|Storm King above the Hudson River|
At the moment, I feel like I've done the trail running equivalent, and I'm none too happy about it. Every athlete, no matter what your level of fitness or competition, from pro right down to the genuine novice, at some point faces injury. There's really no good time to get injured, but some times are definitely worse than others. Case in point: a decently serious foot and ankle injury less than three and a half weeks out from your most important ultra of the season.
It's been a good year. I've had a number of strong races, and my training in preparation for the upcoming Virgil Crest ultramarathon has been marching along according to plan. Last weekend I logged a superb 5-hour trail run, from Beacon, New York to Cold Spring and back to Beacon, through and over the Hudson Highlands (the photos in this blog post are from that run). It's a 21-mile roundtrip, with a very strenuous 12,400 vertical feet of elevation change. Scaled up to 50 miles, that equates to 30,000' of elevation change, 50% more than the 10,000' of ascent and 20,000' of change I'll do for the 50-mile Virgil Crest.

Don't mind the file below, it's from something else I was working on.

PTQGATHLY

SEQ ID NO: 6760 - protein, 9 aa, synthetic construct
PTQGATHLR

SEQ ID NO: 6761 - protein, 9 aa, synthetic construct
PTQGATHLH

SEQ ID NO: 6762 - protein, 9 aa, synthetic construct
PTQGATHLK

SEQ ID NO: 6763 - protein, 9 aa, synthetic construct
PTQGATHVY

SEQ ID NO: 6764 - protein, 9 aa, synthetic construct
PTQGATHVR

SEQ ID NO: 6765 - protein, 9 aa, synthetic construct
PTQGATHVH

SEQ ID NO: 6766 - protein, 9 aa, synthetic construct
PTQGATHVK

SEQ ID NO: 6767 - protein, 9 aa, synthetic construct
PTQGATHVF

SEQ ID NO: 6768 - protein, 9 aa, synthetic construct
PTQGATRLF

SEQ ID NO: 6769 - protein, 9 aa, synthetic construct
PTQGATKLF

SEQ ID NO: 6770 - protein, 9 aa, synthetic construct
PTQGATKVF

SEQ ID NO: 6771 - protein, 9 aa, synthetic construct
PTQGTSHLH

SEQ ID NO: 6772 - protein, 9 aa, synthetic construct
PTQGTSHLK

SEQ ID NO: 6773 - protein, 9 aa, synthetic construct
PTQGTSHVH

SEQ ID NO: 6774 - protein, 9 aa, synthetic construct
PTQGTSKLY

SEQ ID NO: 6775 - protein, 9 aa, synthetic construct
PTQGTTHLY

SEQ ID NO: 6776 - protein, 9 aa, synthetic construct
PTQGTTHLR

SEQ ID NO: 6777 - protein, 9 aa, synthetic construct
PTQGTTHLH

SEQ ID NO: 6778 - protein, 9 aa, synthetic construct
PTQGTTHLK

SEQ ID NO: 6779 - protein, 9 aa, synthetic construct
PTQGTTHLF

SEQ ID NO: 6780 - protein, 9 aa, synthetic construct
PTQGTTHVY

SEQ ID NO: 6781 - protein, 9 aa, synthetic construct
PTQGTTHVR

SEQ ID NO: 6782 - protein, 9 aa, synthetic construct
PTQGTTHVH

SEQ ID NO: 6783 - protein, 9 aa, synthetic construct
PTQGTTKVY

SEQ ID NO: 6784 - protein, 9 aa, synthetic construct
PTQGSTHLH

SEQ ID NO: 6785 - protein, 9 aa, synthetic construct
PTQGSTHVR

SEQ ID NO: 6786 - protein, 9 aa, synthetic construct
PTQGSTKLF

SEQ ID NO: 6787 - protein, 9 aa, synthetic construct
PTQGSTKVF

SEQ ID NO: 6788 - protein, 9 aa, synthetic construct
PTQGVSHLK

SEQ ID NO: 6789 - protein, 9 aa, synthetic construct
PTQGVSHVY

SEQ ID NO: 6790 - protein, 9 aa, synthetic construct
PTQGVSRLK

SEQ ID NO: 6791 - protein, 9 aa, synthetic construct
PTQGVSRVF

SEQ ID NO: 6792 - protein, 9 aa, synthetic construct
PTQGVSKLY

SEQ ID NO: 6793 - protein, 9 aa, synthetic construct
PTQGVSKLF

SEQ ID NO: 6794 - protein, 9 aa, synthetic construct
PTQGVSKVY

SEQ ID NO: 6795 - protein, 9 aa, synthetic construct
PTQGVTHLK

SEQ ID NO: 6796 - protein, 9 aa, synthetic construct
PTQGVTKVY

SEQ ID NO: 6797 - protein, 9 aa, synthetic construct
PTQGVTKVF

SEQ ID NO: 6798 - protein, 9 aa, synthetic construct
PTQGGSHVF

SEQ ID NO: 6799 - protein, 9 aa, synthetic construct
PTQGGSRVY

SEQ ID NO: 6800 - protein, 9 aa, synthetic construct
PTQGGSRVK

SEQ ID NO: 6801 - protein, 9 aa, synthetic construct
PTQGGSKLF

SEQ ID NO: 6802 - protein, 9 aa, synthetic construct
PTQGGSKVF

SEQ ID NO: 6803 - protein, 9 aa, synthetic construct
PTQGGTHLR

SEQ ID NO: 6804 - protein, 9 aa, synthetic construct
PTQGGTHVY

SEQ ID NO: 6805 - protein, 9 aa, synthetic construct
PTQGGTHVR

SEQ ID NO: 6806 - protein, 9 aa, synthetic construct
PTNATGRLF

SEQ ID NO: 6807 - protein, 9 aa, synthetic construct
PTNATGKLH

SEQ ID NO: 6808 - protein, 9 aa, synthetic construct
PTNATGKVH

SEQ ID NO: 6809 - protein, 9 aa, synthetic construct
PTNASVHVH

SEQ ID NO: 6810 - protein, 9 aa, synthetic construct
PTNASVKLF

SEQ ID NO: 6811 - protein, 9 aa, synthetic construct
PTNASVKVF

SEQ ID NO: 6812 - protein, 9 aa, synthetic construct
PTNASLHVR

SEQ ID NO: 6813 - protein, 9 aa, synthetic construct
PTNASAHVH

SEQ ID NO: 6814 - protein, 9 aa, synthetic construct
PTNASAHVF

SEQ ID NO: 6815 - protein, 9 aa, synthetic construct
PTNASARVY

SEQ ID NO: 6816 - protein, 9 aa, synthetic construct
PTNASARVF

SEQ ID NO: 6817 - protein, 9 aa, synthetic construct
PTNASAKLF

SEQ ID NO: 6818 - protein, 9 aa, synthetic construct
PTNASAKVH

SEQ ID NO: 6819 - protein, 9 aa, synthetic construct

Then came last night.
|Rocky Breakneck Ridge in profile|
All was well until I turned a corner in the trail and was confronted with two very large downed trees. They'd clearly been felled by a recent storm, and they blocked the trail in a major way. The brush to either side was thick enough that trying to go around wasn't practical. Instead, I decided to climb over the trees. I was probably four feet off the ground, standing on the larger tree, when I leapt down to the trail ahead.
Immediately upon landing I felt sharp pain in my foot and ankle. I landed wrong. Very wrong. Had the girls not already been asleep in bed, I would have called Kelli for a pickup in the car. Instead, I immediately turned for home and hobbled two miles to get there—a combination of walking and a limping jog. The rest of the evening was spent with my leg elevated on the couch, with ice, and a hefty dose of ibuprofen.
This is probably my worst lower leg injury in the years since I've been running ultras. I'm arguably in the best shape of my life right now ... and I'm injured, weeks out from the focus of my season. Talk about panic. Instead of logging a few more major trail runs and a few weeks of solid training, I've abandoned all training. I'm now focused on resting and rehabbing my foot and ankle, and I'm keeping my fingers crossed that it can heal in time to run strong at Virgil Crest.
Robert Burns wasn't kidding in his 18th century poem when he wrote, "the best-laid plans of mice and men often go awry." This time the culprit wasn't gluten, but I'm facing the consequences nonetheless.